I love the friction that Clowes explores here, the surprising sparks that fly when irony rubs against sentiment. Enid's a great character: she's too smart to adopt irony simply as a pose; she'll see right through that in herself, as she does in others. So the irony with which she comes equipped at Cavetown is genuine: "We're hurtling back in time to a SAVAGE ERA where DINOSAURS RULE THE EARTH!" she says sarcastically to Rebecca before they head out, well aware that she's outgrown her naive and historically inaccurate past where children are duped in the name of cheap entertainment. They drive to the park in a hearse.
But when she gets to Cavetown, she succumbs to what we all do when our ironic facade is invaded by overpowering sentiment. Her satanic ritual fears giving way to her "semi-religious experience" takes her, without warning, to a place for which she's unprepared, and where parody is impotent. What she wasn't planning on was the jarring that comes with loss—not the hoped-for loss of childish unsophistication and gullibility, but the loss of the capacity for wonder and amusement. Her surprise is moving, and, smartly, Clowes simply evokes it, he doesn't name it. Something speechless occurs to Enid because she wasn't expecting what she encountered, and so had little language for it except more ironic distance, which is rapidly closing on to something else entirely. The crack in her facade is small, and she's careful (as is Clowes) not to linger in this disorienting place for too long. But I think that her mood's affected permanently.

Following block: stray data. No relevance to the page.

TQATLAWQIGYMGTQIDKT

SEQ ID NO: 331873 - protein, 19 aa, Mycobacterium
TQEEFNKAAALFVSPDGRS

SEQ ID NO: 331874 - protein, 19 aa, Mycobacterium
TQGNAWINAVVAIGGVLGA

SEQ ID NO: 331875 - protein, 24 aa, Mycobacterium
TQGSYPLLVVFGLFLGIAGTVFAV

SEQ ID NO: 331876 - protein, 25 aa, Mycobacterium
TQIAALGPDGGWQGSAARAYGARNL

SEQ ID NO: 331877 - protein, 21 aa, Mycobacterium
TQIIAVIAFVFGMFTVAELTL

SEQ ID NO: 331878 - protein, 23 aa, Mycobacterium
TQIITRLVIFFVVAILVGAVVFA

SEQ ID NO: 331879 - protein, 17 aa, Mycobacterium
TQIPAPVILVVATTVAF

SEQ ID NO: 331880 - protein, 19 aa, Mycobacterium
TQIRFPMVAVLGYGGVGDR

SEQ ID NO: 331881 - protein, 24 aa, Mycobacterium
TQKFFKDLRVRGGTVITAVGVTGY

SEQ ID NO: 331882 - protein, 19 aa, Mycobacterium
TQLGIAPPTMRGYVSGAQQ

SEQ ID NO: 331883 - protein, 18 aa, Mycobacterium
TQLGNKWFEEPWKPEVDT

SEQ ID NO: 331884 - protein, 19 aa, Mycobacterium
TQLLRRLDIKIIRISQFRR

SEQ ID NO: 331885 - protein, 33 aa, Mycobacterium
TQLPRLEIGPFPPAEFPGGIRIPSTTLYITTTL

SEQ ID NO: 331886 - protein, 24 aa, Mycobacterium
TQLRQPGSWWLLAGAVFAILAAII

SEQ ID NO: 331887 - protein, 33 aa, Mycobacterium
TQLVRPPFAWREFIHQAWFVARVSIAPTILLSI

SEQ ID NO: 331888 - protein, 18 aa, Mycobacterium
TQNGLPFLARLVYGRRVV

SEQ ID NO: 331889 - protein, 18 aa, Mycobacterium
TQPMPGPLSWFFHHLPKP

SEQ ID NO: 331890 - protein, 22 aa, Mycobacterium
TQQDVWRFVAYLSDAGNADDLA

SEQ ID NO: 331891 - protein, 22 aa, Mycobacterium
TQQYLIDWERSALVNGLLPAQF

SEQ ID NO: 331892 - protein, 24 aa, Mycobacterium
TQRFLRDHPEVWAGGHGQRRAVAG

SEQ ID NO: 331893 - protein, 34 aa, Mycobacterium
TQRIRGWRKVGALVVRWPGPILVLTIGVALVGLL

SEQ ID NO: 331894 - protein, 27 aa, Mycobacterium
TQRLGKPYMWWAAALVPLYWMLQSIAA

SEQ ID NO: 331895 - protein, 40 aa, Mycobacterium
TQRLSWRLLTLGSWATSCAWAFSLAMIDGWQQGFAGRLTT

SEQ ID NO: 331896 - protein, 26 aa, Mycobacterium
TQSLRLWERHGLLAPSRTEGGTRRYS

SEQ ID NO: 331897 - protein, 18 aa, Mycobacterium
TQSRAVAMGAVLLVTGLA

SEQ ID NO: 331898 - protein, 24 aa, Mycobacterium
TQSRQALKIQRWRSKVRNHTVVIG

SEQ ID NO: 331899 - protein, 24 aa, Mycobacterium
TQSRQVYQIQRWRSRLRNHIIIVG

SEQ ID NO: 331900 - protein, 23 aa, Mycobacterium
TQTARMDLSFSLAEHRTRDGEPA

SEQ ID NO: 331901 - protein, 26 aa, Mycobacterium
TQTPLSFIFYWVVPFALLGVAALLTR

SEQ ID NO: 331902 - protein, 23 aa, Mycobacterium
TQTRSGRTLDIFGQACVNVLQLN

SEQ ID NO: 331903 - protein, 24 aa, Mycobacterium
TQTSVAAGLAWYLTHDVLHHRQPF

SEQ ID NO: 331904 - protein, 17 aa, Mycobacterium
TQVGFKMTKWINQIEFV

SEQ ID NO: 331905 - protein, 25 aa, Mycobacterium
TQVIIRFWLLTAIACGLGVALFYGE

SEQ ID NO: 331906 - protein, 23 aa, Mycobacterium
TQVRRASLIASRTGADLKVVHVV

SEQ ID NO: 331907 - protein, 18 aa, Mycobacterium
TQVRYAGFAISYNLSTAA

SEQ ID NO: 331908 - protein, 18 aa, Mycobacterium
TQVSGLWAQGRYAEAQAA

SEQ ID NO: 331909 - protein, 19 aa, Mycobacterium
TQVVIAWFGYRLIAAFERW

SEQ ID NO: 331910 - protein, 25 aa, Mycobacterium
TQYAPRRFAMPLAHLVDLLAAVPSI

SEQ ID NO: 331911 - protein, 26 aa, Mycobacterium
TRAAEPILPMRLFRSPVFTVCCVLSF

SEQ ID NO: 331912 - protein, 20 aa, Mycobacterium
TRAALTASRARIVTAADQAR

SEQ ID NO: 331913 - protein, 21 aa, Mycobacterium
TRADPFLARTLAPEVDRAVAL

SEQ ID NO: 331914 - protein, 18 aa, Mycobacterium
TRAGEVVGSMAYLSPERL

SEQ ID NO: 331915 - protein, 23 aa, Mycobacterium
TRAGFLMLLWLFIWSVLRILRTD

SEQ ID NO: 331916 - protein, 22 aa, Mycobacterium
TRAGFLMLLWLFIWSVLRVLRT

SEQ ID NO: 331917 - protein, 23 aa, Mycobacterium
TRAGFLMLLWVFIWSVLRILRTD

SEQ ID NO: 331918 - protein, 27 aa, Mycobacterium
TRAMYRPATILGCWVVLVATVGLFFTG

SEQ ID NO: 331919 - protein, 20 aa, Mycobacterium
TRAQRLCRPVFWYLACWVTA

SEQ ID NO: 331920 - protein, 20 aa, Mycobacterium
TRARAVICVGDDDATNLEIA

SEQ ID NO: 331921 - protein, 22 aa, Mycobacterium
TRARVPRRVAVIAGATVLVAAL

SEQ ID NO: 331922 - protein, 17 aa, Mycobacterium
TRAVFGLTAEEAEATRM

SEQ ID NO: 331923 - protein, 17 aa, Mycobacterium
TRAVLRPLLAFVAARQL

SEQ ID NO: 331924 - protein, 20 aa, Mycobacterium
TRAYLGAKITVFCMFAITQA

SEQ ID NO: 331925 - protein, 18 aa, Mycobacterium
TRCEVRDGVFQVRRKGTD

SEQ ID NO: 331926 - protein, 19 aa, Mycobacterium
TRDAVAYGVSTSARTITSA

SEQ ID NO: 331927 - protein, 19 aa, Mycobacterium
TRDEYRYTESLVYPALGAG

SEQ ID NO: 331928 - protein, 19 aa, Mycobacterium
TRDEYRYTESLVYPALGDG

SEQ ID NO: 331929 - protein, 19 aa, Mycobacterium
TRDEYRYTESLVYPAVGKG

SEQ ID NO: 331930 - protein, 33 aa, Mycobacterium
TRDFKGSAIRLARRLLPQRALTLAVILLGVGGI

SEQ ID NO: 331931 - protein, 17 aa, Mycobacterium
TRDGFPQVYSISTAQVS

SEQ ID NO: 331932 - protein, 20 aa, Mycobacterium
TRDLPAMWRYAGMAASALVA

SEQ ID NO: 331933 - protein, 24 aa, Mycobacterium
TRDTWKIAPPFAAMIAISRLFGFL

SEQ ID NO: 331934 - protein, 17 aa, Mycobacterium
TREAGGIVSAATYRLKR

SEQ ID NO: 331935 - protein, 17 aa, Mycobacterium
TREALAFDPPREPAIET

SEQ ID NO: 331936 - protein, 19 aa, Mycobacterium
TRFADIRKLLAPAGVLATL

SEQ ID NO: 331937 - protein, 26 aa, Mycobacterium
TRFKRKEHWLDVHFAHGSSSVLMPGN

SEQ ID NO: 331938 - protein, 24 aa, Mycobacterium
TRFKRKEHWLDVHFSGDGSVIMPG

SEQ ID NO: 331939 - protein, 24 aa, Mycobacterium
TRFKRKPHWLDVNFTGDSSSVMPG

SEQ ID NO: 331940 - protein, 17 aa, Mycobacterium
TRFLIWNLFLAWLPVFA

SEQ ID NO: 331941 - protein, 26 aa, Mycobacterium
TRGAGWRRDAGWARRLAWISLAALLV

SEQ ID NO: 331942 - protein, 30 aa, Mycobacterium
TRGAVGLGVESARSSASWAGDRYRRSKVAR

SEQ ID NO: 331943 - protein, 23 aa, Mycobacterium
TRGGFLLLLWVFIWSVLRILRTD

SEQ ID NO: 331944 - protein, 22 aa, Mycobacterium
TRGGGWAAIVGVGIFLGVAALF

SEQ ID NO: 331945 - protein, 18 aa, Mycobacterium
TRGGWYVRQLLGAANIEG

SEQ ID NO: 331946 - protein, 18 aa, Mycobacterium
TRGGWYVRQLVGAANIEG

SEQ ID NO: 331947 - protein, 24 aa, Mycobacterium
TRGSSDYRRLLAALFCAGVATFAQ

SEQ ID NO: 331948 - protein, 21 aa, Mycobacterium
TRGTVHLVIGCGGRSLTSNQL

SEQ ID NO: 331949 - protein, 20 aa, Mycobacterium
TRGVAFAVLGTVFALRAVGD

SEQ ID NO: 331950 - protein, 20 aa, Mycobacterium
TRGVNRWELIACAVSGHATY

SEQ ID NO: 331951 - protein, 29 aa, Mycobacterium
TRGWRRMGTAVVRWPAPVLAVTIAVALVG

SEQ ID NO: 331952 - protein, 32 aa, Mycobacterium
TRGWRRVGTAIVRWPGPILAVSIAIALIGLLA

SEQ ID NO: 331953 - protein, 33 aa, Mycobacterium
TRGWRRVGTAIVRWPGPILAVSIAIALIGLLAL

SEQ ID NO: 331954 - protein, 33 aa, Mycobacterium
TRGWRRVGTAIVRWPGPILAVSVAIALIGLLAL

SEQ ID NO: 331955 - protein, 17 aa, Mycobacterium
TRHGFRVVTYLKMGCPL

What happens when irony and sentiment meet? Firmly (permanently) ensconced as we are in Post Irony, I wonder how genuine sentiment can be treated anymore, especially in autobiographical writing that explores moments like Enid's. If all we have is distance, how can we see that, up close and affectionate, nostalgia can transcend itself and become something valuable: an opportunity to weigh the distance between wonder and jadedness.